A recent new acquisition is this watercolour painting of Kings Weston house framed by the trees and lodge at Penpole Point. The gates separating the common land on the Point from the private woodland walls is firmly shut and the top of the lodge is almost enveloped in ivy. The sun makes the golden stone of both buildings glow in the early autumn light. This was once a well-known view of the house, being the subject of several other known paintings, but inclusion of the lodge in the view as well is unusual. The view to the house must have been obscured by trees not long after this painting was created as we have no later image from this perspective.
It’s an important find for a couple of reasons; first it was painted by a well-known local artist, Thomas Leeson Rowbotham (1782–1853), whose paintings form a major component of the city museum’s Braikenridge collection. Most of these date to the 1820s and were commissioned to record historic buildings and monuments in the city, though the Kings Weston painting falls outside of that collection. It’s also significant for its very precise date – September 21st 1848 – just a year short of 175 years, almost to the week. It’s a late work by Rowbotham, then aged 66, the artist surviving just five years longer after its completion.
Another foray into the Bristol Archives has uncovered a new photo. The image shows the Home Guard in an official photograph, lined up at Penpole Point close to the end of the Second World War in 1944. These men were part of “C” Company of the 14th Battalion of the Home Guard.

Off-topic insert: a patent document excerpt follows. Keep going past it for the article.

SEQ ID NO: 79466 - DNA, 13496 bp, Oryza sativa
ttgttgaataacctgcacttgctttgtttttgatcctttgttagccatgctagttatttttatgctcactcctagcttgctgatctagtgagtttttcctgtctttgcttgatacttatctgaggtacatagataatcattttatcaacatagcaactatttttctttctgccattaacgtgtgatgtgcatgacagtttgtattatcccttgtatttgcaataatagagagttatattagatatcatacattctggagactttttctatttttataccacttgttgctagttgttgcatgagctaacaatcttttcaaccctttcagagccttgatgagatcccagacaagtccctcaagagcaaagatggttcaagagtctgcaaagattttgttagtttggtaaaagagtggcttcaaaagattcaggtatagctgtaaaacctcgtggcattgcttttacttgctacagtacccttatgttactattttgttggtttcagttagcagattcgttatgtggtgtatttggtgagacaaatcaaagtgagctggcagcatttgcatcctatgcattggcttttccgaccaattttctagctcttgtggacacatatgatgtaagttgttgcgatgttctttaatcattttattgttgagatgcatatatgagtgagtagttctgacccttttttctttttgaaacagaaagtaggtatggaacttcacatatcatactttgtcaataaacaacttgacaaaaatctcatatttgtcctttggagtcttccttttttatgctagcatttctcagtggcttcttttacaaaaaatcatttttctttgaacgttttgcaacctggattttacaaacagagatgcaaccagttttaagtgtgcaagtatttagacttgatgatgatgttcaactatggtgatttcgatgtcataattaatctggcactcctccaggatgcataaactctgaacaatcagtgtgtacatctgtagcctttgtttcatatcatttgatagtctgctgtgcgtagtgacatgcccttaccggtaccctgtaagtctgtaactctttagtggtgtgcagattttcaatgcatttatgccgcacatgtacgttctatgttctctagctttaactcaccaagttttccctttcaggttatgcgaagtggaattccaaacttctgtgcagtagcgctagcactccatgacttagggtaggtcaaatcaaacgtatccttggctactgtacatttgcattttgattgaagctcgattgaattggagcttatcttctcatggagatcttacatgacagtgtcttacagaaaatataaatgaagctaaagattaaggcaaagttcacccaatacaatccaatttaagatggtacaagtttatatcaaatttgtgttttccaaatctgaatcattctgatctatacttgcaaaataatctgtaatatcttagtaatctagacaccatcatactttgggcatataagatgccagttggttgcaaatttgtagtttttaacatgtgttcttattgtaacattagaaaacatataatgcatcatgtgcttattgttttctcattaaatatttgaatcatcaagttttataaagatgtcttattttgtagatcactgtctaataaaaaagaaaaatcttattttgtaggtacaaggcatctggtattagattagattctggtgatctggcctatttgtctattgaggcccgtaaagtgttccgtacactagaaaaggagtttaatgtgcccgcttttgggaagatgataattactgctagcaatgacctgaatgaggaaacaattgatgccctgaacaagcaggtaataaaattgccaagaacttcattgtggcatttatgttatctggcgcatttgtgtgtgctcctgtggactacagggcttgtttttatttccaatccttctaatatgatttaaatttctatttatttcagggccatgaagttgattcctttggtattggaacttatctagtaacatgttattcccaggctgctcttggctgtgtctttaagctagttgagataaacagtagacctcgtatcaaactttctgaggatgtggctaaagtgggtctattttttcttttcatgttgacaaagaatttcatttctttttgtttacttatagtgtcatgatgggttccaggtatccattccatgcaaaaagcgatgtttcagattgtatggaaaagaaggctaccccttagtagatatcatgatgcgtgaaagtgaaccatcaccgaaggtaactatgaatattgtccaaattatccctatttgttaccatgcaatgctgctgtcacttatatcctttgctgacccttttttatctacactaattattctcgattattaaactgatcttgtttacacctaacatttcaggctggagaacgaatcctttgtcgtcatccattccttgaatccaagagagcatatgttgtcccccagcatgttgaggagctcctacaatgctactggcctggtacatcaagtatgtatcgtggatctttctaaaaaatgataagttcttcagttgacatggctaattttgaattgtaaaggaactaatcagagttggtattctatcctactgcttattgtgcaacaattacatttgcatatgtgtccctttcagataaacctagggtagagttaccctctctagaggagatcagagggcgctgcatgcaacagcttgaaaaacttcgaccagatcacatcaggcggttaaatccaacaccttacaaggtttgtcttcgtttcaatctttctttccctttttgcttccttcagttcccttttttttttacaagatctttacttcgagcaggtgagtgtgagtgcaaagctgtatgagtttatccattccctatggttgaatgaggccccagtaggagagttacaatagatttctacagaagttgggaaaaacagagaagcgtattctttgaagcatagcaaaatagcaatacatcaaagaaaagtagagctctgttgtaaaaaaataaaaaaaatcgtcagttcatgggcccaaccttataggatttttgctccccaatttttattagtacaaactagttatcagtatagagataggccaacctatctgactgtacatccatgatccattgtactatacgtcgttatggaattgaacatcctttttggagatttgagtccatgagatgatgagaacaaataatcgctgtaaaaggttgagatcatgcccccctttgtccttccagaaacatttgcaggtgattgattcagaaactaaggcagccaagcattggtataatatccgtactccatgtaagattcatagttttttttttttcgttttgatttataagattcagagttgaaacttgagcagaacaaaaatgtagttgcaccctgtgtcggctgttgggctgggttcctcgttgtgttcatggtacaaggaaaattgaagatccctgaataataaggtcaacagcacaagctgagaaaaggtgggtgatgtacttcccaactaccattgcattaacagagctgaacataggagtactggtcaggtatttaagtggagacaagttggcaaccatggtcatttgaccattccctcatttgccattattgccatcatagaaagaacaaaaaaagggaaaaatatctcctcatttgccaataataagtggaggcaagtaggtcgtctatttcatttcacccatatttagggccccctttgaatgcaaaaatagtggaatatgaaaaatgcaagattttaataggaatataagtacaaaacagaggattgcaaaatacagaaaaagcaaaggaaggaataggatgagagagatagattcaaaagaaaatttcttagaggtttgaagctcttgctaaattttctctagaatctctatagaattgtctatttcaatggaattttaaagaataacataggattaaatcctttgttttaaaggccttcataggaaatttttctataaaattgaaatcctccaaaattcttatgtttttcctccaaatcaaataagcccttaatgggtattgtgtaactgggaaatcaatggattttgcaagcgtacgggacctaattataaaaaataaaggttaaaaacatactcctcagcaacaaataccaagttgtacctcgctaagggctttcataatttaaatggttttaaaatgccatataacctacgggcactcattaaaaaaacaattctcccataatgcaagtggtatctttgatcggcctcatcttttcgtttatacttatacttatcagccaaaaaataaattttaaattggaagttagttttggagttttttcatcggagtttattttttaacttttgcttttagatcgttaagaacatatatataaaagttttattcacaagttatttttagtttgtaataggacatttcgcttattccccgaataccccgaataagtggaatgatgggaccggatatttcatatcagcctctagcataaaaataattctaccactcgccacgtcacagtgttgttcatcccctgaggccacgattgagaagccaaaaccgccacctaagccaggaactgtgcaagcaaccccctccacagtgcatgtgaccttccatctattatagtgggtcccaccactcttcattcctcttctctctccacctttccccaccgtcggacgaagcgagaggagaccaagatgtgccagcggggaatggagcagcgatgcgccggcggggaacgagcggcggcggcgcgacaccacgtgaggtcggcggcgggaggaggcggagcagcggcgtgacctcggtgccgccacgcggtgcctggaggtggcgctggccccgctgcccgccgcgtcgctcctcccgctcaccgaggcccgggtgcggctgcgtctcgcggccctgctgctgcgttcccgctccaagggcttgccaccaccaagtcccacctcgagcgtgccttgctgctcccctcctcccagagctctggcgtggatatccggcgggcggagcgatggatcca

During the war the Home guard used Penpole Woods and the Home Park at Kings Weston, at that time the District Scout Camp, for training purposes. In 1940 they even requisitioned the tower of Penpole Lodge. The Scouts, who still owned the building observed “some concern the activities of the home guard when they took over the tower” and their site warden recalls in his diary of the time that “In the autumn of this year the Home Guard, or the LDV’s as they were then called, took over the tower as an observation post. They stayed until the Spring. Poor old tower – it bears its scars from friend and foe now. Still we won’t say too much about that; but it’s another job to be attended to after the war.” The journal now also forms part of the Bristol Archives collection.
It is not clear exactly what damage the Home Guard might have inflicted on the tower, but this, and further vandalism by “Local toughs” in the years following the war, led to the building being ruinous by the 1950s.
The Home Guard trained in the woodland and camouflage skills were practiced amongst the trees and undergrowth. The warden’s journal for the war years includes some humorous sketches of their activities!